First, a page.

Since 1935, when it was first theorized, scientists have been trying to create metallic hydrogen, a new material with revolutionary potential applications. Now scientists from Harvard University published a paper in Science where they claim to have created it. If confirmed by further tests, the metallic hydrogen could become not only the rarest, but also one of the most valuable materials on Earth. Unfortunately, that precious metallic hydrogen sample – potentially the first of its kind – has just disappeared in the Harvard lab.
The scientists Isaac Silvera, Thomas D. Cabot Professor of the Natural Sciences, and post-doctoral fellow Ranga Dias, believe that what they created via high-pressure physics could have use as a superconductor, able to conduct electricity without loss at room temperature. If a reasonable way to produce this material will be found, its uses can extend to the electrical grid, maglev trains and superfast space travel.
Isaac Silvera has been working on this problem for 45 years. What he and Ranga Dias did to produce their groundbreaking atomic metallic hydrogen was to compress hydrogen gas in a diamond anvil. They then solidified it at very low temperatures and kept slowly increasing the pressure on the anvil by turning the screw. As reported by Harvard Magazine, once they reached 4 million atmospheres, greater than the pressure at the center of Earth, the transparent hydrogen turned black. At 4.95 million atmospheres, it had become a metal, reflecting 90% of light the scientists shined at it.
"This is the holy grail of high-pressure physics," said Silvera. "It's the first-ever sample of metallic hydrogen on Earth, so when you're looking at it, you're looking at something that's never existed before."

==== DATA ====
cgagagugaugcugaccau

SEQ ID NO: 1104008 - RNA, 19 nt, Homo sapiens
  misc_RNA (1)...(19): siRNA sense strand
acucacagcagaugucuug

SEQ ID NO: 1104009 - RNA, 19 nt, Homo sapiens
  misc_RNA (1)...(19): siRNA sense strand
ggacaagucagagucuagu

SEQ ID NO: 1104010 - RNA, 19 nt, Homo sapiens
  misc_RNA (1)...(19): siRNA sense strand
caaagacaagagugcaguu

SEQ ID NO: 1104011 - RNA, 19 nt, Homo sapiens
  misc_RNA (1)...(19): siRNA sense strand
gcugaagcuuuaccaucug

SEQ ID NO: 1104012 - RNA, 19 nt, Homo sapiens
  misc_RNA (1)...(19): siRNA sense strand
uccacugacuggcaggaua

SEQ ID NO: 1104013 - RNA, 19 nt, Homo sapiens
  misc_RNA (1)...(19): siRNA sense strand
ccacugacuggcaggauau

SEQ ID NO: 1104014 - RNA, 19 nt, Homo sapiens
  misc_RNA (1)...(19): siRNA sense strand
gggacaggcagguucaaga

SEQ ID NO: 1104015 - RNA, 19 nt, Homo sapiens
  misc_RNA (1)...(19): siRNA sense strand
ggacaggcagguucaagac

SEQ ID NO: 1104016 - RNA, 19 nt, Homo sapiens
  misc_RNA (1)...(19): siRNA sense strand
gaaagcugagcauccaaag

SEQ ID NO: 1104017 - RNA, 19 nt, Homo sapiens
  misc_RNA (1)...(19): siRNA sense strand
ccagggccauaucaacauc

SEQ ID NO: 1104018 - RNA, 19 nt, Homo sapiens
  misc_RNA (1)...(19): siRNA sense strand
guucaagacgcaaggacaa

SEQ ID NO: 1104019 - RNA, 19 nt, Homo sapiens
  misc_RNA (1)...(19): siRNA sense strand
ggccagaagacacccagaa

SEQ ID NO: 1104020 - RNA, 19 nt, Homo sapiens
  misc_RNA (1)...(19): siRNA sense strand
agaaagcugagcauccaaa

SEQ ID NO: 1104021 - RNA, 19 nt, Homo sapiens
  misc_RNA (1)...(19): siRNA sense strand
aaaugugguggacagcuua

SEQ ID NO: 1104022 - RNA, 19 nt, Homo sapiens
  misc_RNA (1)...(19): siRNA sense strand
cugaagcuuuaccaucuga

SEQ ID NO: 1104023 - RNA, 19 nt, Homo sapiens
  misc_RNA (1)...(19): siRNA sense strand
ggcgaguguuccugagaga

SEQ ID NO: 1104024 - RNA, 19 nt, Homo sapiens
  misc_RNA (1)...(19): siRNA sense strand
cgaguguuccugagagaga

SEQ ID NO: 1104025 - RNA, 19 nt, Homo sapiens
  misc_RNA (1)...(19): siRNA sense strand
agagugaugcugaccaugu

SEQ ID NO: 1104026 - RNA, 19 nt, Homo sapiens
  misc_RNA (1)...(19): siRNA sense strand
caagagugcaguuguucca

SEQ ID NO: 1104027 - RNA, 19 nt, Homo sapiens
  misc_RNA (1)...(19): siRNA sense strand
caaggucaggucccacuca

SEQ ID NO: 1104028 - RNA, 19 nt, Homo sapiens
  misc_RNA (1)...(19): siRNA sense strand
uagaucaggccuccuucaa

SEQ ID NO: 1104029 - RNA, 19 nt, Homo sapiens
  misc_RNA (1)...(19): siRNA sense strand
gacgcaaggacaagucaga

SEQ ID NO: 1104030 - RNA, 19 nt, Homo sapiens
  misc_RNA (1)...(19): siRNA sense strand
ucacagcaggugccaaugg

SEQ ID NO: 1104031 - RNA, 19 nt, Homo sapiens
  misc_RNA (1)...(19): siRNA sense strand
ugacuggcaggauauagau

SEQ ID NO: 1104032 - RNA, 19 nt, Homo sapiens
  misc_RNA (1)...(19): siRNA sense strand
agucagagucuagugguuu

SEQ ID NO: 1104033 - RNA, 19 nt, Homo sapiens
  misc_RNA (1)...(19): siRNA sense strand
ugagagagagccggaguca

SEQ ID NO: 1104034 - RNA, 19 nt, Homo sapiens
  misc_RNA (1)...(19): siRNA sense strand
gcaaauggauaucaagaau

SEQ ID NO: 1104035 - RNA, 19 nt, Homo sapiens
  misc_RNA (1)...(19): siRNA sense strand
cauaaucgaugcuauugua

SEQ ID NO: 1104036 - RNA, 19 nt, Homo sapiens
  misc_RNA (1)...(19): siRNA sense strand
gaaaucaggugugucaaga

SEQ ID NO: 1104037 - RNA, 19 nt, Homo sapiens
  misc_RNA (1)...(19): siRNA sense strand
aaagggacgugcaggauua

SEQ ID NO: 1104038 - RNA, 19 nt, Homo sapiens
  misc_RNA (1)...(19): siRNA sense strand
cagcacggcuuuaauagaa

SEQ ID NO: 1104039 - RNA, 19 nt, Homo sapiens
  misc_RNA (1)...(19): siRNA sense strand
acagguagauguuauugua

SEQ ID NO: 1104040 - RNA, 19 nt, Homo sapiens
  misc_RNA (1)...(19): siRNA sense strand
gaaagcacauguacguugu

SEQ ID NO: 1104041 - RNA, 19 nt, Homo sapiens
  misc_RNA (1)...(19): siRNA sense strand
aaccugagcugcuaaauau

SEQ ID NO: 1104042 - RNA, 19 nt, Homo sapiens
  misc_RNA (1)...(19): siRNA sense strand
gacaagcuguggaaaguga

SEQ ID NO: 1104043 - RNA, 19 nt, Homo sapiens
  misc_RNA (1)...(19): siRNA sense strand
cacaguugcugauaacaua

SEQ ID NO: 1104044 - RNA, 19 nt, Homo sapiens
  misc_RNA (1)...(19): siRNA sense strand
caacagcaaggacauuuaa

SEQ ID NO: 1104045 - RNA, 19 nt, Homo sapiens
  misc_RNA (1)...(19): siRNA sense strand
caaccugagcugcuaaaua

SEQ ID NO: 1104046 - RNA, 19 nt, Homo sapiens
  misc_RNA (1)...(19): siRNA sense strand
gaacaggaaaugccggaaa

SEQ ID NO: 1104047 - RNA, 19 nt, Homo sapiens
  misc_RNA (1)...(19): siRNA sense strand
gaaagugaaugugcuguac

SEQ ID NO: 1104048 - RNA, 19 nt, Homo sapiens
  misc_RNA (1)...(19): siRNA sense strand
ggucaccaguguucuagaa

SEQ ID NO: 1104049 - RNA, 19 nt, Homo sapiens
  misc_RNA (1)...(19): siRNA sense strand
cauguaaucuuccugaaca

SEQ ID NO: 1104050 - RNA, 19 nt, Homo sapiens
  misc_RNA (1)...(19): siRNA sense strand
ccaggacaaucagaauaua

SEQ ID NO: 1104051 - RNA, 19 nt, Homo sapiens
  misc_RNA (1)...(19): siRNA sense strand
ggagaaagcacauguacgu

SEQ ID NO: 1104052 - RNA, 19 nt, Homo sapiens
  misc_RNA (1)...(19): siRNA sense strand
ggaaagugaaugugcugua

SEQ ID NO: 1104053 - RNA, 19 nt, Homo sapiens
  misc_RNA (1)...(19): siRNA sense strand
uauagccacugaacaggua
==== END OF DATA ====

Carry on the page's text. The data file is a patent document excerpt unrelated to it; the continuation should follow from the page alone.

Compressed hydrogen transitioning with increasing pressure from transparent molecular to black molecular to atomic metallic hydrogen. The sketches below show a molecular solid being compressed and then dissociated to atomic hydrogen. Credit: R. Dias and I.F. Silvera
Now the scientists will wait a few weeks until beginning to test whether the new material is stable at normal pressures and room temperatures. Basically, it needs to remain in metallic form once the special conditions that produced it are removed. Right now you can only see this tiny piece of metal through the diamonds used to create it.
Once they ease the pressure, they will know if the material will remain stable, something predicted only in theory.
“That means if you take the pressure off, it will stay metallic, similar to the way diamonds form from graphite under intense heat and pressure, but remains a diamond when that pressure and heat is removed,” explained Silvera.
Here’s a video featuring interviews with the scientists:
What will be the benefits of metallic hydrogen if the physicists can show the stability of their metal and be able to recreate it?
“As much as 15 per cent of energy is lost to dissipation during transmission, so if you could make wires from this material and use them in the electrical grid, it could change that story,” pointed out Silvera.
His colleague Ranga Dias sees another application:
“The most romantic application of superconductivity,” Dias said, would be “magnetic levitation of high-speed trains, based on the perfect diamagnetism of superconductors.”
This would create a repulsive magnetic force, with much potential to disrupt the transportation industry.
What’s more, NASA has provided some of Silvera’s funding in hopes that metallic hydrogen could be used as rocket propellant.